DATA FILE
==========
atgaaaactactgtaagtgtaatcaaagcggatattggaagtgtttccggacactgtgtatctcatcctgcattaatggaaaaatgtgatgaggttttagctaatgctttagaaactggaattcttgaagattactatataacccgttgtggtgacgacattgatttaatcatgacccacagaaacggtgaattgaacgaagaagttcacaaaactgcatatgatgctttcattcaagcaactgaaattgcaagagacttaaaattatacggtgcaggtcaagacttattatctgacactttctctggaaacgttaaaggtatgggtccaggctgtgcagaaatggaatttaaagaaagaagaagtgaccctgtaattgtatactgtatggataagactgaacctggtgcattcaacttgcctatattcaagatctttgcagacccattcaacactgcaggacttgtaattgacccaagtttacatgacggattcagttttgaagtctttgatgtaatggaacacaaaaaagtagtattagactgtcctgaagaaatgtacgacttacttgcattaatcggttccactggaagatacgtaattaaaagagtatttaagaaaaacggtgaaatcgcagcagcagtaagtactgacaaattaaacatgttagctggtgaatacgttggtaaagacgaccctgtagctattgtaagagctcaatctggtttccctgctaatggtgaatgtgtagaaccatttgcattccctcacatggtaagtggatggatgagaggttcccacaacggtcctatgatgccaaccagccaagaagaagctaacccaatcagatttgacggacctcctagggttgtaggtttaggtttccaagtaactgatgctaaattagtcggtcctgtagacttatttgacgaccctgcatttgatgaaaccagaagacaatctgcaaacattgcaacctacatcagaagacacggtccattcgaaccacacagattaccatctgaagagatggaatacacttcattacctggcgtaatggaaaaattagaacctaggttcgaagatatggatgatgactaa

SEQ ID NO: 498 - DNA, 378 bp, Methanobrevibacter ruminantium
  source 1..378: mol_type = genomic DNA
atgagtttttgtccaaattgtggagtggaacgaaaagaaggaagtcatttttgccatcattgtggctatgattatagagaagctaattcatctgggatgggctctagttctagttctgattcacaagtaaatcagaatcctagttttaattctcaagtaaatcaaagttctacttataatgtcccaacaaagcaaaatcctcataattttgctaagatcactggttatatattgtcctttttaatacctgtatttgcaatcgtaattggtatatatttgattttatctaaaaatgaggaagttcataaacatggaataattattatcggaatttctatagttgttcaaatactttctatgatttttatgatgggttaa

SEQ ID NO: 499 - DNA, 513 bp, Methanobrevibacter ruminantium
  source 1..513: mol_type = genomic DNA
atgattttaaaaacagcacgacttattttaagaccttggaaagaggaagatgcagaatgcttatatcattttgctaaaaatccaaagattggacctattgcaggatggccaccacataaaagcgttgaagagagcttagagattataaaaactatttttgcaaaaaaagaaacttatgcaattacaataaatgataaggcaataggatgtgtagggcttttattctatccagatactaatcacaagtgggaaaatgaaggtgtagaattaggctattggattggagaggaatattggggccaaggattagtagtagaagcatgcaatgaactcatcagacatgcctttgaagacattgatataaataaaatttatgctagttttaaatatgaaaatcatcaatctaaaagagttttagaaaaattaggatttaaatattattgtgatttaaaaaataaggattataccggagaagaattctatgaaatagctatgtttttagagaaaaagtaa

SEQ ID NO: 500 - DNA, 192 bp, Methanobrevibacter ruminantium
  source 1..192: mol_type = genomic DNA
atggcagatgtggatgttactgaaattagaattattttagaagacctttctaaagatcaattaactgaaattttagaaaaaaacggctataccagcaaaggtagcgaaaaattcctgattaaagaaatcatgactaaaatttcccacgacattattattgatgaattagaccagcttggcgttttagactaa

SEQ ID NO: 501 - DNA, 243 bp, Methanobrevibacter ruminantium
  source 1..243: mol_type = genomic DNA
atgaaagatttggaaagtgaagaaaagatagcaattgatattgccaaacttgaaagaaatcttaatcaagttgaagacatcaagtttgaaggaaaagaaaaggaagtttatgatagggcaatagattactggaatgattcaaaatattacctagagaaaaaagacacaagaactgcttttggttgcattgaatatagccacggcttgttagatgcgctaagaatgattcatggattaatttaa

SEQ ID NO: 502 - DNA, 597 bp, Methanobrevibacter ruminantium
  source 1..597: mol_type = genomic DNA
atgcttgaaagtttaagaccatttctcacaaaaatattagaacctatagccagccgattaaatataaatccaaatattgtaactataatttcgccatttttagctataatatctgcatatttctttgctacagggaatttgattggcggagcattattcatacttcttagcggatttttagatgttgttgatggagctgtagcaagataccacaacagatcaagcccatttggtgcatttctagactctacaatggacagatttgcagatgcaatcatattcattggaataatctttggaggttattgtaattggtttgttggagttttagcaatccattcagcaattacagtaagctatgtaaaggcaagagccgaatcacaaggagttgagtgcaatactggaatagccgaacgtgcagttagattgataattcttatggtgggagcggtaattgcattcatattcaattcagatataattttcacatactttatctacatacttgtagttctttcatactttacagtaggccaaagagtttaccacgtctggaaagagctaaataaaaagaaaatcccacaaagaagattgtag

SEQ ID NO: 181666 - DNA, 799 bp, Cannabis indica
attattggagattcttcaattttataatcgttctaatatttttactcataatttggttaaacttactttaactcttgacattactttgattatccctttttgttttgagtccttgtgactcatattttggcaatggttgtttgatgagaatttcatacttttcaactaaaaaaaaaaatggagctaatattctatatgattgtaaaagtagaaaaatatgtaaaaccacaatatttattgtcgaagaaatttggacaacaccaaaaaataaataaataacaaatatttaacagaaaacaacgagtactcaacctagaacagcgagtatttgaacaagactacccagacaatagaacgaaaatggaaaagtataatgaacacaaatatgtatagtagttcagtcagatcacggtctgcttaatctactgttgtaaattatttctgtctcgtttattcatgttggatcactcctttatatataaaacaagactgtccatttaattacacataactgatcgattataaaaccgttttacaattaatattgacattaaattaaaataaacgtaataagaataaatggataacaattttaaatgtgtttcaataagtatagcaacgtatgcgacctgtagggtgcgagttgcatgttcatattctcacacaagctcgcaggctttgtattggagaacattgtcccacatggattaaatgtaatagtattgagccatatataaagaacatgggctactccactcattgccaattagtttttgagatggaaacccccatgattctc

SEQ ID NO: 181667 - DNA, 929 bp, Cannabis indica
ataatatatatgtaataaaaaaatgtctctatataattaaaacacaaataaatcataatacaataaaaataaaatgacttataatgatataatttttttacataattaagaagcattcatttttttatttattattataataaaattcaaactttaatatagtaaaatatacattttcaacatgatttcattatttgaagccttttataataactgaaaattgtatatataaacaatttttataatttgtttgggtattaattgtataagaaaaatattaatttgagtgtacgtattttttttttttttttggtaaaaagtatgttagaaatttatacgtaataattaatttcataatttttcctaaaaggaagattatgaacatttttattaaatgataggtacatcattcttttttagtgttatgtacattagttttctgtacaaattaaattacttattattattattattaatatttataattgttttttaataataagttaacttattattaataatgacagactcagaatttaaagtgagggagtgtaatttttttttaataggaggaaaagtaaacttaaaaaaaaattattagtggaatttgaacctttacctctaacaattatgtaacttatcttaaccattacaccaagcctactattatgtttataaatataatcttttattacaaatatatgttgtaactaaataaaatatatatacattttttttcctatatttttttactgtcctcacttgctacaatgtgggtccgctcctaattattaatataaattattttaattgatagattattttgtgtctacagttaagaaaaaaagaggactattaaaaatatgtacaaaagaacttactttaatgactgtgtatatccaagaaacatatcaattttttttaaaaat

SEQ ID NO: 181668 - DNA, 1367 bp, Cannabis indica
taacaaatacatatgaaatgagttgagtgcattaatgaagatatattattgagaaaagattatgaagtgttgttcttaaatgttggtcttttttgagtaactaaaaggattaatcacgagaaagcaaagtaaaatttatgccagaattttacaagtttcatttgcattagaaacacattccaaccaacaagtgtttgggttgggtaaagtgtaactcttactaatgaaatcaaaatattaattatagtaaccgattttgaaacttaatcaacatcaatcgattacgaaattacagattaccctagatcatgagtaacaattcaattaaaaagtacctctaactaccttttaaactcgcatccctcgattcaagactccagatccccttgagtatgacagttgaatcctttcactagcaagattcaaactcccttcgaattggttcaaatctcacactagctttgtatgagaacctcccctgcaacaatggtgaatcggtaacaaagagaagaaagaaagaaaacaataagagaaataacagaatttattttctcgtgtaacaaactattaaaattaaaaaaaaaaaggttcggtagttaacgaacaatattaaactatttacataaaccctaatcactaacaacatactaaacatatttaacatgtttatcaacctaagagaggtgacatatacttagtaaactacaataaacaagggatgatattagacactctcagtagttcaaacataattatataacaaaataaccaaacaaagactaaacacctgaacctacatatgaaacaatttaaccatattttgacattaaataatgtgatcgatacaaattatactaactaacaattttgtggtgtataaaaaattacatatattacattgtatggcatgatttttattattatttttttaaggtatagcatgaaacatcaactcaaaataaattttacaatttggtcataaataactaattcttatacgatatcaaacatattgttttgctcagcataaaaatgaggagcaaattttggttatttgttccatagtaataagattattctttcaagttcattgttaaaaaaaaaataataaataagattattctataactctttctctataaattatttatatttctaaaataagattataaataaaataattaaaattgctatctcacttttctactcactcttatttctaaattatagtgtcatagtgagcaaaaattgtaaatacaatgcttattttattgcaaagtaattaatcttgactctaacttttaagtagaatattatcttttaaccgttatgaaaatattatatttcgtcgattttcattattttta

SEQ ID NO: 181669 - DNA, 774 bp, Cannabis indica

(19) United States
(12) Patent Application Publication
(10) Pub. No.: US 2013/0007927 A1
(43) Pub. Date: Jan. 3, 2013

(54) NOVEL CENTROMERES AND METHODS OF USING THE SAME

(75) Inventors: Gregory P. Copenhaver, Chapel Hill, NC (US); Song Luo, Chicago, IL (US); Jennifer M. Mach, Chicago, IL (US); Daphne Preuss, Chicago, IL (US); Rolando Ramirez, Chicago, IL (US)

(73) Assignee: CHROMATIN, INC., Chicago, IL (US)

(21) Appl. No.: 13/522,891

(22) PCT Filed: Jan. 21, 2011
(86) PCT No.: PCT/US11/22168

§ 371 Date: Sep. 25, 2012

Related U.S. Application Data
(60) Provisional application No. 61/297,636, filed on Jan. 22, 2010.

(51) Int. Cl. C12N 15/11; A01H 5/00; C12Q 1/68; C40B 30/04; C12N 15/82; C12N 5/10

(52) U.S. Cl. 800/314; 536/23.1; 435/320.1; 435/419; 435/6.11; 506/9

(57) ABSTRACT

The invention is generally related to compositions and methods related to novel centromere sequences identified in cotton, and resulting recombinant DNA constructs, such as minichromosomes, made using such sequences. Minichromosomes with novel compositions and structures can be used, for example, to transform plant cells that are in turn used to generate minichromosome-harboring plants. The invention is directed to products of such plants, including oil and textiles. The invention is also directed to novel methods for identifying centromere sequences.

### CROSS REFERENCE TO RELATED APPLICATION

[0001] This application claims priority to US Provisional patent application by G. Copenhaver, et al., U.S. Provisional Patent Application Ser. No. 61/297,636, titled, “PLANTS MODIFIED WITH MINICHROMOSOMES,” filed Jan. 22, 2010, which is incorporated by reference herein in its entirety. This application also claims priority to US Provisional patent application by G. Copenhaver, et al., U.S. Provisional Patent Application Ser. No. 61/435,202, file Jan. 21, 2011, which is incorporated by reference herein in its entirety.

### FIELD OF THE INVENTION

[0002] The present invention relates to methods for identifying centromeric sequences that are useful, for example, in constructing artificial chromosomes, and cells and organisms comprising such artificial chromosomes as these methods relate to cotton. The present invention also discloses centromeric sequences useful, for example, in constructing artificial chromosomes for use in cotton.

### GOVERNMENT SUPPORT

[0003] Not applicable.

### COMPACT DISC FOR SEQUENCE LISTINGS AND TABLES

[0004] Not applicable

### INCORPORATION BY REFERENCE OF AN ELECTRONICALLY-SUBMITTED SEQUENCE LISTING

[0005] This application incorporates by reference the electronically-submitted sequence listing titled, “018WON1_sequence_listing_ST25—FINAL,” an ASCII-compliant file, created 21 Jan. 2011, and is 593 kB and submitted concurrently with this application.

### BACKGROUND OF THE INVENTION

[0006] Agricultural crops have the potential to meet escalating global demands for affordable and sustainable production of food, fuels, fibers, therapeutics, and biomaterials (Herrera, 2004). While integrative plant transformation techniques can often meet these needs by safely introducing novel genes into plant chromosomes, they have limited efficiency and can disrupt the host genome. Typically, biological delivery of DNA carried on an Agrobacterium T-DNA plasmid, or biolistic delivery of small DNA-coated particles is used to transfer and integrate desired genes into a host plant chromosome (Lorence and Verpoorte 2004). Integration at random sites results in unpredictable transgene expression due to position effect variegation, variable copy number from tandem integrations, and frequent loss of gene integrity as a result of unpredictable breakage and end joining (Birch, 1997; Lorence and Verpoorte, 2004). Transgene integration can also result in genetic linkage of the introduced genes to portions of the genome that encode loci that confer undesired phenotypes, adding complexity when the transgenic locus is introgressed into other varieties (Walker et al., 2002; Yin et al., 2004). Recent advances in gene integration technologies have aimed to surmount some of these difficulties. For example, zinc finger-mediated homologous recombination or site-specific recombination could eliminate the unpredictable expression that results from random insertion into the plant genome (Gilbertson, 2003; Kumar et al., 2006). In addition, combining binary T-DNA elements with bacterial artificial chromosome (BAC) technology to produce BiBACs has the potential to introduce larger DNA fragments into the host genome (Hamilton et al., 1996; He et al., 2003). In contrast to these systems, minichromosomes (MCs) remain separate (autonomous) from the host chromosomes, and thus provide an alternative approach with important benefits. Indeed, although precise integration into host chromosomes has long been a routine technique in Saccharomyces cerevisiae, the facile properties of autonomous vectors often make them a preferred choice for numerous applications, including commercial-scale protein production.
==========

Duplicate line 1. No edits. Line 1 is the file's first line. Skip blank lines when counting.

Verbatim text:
atgaaaactactgtaagtgtaatcaaagcggatattggaagtgtttccggacactgtgtatctcatcctgcattaatggaaaaatgtgatgaggttttagctaatgctttagaaactggaattcttgaagattactatataacccgttgtggtgacgacattgatttaatcatgacccacagaaacggtgaattgaacgaagaagttcacaaaactgcatatgatgctttcattcaagcaactgaaattgcaagagacttaaaattatacggtgcaggtcaagacttattatctgacactttctctggaaacgttaaaggtatgggtccaggctgtgcagaaatggaatttaaagaaagaagaagtgaccctgtaattgtatactgtatggataagactgaacctggtgcattcaacttgcctatattcaagatctttgcagacccattcaacactgcaggacttgtaattgacccaagtttacatgacggattcagttttgaagtctttgatgtaatggaacacaaaaaagtagtattagactgtcctgaagaaatgtacgacttacttgcattaatcggttccactggaagatacgtaattaaaagagtatttaagaaaaacggtgaaatcgcagcagcagtaagtactgacaaattaaacatgttagctggtgaatacgttggtaaagacgaccctgtagctattgtaagagctcaatctggtttccctgctaatggtgaatgtgtagaaccatttgcattccctcacatggtaagtggatggatgagaggttcccacaacggtcctatgatgccaaccagccaagaagaagctaacccaatcagatttgacggacctcctagggttgtaggtttaggtttccaagtaactgatgctaaattagtcggtcctgtagacttatttgacgaccctgcatttgatgaaaccagaagacaatctgcaaacattgcaacctacatcagaagacacggtccattcgaaccacacagattaccatctgaagagatggaatacacttcattacctggcgtaatggaaaaattagaacctaggttcgaagatatggatgatgactaa